Every weekday a popular retailer in The US sends out an 11 a.m. daily deal email to subscribers. Yesterday there was no daily deal. Just a branded message to its subscribers, which said:
“For the lives lost at Sandy Hook. We grieve. We remember. We honor.”
Then the brand listed all of the first names of the children killed in the Connecticut mass murder with a request for its subscribers to donate to the United Way of Western Connecticut.
I’m sure — in fact, I know — that the brands’ intentions were in the right place. Unfortunately, it was the wrong thing to do.
Imagine if you were the parent, grandparent, relative or friend of one of those murdered children and that email popped into your email box. Think about how you would feel. Can you imagine the utter anguish of coming across a promotional email published by a corporation using your loved one as the focus? Imagine seeing your daughter’s name beneath the brand logo.
Think about how violated you would feel.
Now imagine dozens, hundreds and even thousands of brands all doing the same thing. All of them sending emails, tweets, status updates and other missives with your daughter’s name attached to them.
Reprehensible, isn’t it?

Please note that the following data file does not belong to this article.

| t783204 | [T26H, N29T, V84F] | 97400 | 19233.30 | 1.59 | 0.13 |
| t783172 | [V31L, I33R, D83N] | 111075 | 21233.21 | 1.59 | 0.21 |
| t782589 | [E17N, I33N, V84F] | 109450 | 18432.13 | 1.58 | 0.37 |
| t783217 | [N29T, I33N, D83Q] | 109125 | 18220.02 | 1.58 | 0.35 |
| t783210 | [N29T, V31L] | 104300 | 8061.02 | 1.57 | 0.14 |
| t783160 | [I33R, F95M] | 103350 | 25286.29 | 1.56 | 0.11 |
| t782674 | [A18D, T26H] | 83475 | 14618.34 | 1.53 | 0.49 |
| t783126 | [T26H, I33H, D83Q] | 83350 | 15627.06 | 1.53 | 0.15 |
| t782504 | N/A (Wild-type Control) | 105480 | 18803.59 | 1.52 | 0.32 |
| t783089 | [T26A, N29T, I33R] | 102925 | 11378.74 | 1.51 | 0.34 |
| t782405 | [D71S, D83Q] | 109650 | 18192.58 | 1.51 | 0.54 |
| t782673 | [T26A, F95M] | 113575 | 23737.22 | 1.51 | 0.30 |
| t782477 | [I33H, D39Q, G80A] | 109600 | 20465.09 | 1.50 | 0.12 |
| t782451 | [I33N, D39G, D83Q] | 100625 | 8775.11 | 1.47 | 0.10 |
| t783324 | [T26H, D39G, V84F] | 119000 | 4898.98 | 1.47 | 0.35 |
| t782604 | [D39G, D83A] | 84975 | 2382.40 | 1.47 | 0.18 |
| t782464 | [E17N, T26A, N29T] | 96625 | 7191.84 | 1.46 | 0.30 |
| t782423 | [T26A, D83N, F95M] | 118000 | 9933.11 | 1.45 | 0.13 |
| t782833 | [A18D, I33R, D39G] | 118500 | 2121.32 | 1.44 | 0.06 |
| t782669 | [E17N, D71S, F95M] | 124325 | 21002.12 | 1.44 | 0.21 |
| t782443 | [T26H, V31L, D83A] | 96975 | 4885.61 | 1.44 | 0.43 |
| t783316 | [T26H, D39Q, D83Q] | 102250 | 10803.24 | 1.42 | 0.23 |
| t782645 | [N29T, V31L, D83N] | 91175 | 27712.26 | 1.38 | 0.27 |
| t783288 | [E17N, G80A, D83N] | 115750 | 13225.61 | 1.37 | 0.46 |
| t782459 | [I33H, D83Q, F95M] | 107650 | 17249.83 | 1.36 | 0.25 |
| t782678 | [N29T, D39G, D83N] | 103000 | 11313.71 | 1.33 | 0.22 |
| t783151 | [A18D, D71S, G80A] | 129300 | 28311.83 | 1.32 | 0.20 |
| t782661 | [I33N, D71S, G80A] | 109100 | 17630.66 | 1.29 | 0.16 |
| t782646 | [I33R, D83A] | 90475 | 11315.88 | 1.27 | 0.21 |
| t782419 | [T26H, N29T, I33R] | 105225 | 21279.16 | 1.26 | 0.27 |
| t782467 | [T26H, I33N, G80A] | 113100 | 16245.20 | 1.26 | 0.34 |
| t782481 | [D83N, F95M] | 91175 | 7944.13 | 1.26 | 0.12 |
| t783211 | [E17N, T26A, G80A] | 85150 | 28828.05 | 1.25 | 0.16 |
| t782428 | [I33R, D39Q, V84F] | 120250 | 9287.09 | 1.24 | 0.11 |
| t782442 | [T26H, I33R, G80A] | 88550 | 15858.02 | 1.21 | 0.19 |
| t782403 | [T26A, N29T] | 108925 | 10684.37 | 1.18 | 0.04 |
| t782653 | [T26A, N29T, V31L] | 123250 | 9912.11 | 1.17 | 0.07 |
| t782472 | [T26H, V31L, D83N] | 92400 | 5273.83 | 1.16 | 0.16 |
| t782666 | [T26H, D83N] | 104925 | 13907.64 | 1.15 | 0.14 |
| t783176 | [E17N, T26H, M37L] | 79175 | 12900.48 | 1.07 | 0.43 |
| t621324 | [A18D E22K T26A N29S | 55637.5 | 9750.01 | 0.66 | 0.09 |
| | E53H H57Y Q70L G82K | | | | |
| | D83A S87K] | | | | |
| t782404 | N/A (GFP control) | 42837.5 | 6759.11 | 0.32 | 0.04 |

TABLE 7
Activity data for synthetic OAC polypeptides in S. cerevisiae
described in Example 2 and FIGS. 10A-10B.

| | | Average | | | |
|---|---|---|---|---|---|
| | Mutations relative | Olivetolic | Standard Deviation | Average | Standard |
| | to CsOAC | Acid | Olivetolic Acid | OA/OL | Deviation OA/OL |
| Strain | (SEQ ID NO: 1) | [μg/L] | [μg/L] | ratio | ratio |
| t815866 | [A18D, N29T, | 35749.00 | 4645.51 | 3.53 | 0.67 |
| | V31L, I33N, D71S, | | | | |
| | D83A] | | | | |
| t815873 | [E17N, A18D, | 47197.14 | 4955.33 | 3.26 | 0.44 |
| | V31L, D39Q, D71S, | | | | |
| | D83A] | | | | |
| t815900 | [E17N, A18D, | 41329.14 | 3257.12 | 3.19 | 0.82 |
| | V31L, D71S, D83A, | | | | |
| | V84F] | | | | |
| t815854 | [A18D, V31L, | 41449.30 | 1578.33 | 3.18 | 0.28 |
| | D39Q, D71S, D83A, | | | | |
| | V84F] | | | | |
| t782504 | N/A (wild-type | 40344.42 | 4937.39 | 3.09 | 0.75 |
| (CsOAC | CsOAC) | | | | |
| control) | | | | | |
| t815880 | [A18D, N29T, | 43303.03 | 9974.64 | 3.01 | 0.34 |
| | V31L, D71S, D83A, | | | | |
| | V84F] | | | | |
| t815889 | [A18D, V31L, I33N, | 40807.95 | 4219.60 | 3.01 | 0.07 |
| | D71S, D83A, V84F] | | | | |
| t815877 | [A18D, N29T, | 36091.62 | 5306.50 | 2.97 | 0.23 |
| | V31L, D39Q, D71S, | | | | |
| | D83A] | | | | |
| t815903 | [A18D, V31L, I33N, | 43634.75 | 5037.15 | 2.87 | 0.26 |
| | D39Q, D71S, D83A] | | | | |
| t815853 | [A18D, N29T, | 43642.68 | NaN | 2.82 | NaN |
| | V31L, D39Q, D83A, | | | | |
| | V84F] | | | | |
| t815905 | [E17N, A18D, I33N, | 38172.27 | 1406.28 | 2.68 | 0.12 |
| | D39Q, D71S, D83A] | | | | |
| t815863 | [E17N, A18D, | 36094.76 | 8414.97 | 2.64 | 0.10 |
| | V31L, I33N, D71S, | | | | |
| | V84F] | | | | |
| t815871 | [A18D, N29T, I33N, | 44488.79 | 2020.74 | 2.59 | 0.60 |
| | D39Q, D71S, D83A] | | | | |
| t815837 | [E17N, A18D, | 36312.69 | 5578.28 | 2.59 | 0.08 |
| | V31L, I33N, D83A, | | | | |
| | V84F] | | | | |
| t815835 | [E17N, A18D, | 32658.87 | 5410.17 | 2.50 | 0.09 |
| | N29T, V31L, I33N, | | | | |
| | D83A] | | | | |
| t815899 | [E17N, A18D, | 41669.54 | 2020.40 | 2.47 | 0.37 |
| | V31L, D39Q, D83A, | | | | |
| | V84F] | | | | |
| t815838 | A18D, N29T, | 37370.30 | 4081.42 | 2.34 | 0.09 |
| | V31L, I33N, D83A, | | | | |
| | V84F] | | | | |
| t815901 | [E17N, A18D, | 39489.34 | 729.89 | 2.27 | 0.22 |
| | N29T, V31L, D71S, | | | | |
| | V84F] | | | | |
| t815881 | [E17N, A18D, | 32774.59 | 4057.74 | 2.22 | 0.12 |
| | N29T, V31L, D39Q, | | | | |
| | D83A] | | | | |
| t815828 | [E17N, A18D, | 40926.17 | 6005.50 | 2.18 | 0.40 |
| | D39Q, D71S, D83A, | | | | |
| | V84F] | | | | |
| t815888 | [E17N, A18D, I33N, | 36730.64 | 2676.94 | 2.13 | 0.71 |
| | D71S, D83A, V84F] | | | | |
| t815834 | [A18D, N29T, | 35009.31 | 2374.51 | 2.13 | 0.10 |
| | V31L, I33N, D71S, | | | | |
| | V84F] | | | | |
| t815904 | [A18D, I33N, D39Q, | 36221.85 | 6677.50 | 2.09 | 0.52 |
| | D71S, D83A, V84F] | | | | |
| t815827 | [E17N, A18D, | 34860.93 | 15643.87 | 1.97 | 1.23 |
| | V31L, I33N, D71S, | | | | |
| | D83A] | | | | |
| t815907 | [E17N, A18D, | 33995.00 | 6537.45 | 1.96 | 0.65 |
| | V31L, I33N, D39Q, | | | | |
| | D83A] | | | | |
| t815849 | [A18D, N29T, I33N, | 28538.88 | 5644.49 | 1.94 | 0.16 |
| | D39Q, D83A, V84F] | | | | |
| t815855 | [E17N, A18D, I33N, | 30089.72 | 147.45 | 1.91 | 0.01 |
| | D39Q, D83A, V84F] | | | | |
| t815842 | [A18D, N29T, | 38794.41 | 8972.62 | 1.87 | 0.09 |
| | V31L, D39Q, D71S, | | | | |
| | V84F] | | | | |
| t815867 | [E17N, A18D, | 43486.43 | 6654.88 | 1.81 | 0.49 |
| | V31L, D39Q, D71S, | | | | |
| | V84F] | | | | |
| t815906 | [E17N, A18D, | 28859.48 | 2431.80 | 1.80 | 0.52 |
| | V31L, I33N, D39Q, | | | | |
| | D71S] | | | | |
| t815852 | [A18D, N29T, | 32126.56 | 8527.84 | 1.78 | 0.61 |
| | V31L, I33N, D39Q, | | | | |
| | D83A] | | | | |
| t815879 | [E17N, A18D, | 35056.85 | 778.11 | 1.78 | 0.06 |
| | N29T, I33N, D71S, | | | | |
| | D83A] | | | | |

This is why brands should resist the urge to publicly participate in national tragedies like Sandy Hook, especially when the news cycle is so raw and volatile.
How much better would it have been for that retail brand to have simply and quietly made a sizable donation to the United Way on its own.
There is no doubt that Sandy Hook is dominating the news cycle. Dominating our thoughts. Dominating our emotions. We expect the news to cover it. People to talk about it. We don’t expect brands to do so. In fact, more times than not, it seems callous and self-serving if brands do.
Brands need to realise that there are different rules for media organizations and journalists who cover news like Sandy Hook. And the media pays a terrible price for it. People hate them for it. It is one of the biggest criticisms of the news media.
Why would any sensible brand even want to step into that?
Brands need to remember that they are not people (despite what the Supreme Court says). People don’t expect them to mourn or to send condolences. Nor do they really want them to. Brand communications are about marketing (and customer service). Their customers understand this and are willing to participate when it is fun, entertaining, informative, or leads to a coupon or a good deal.
People are not so understanding when it comes to murder, death or national crises. They don’t care what brands think about that. It’s not a place for brand discourse, which is why several brands got hammered for stepping into the conversation in the aftermath of Sandy Hook. Yet many brands are having a difficult time staying on the sidelines. They want to participate.
It’s a mistake to do so. The best course for brands during a national tragedy?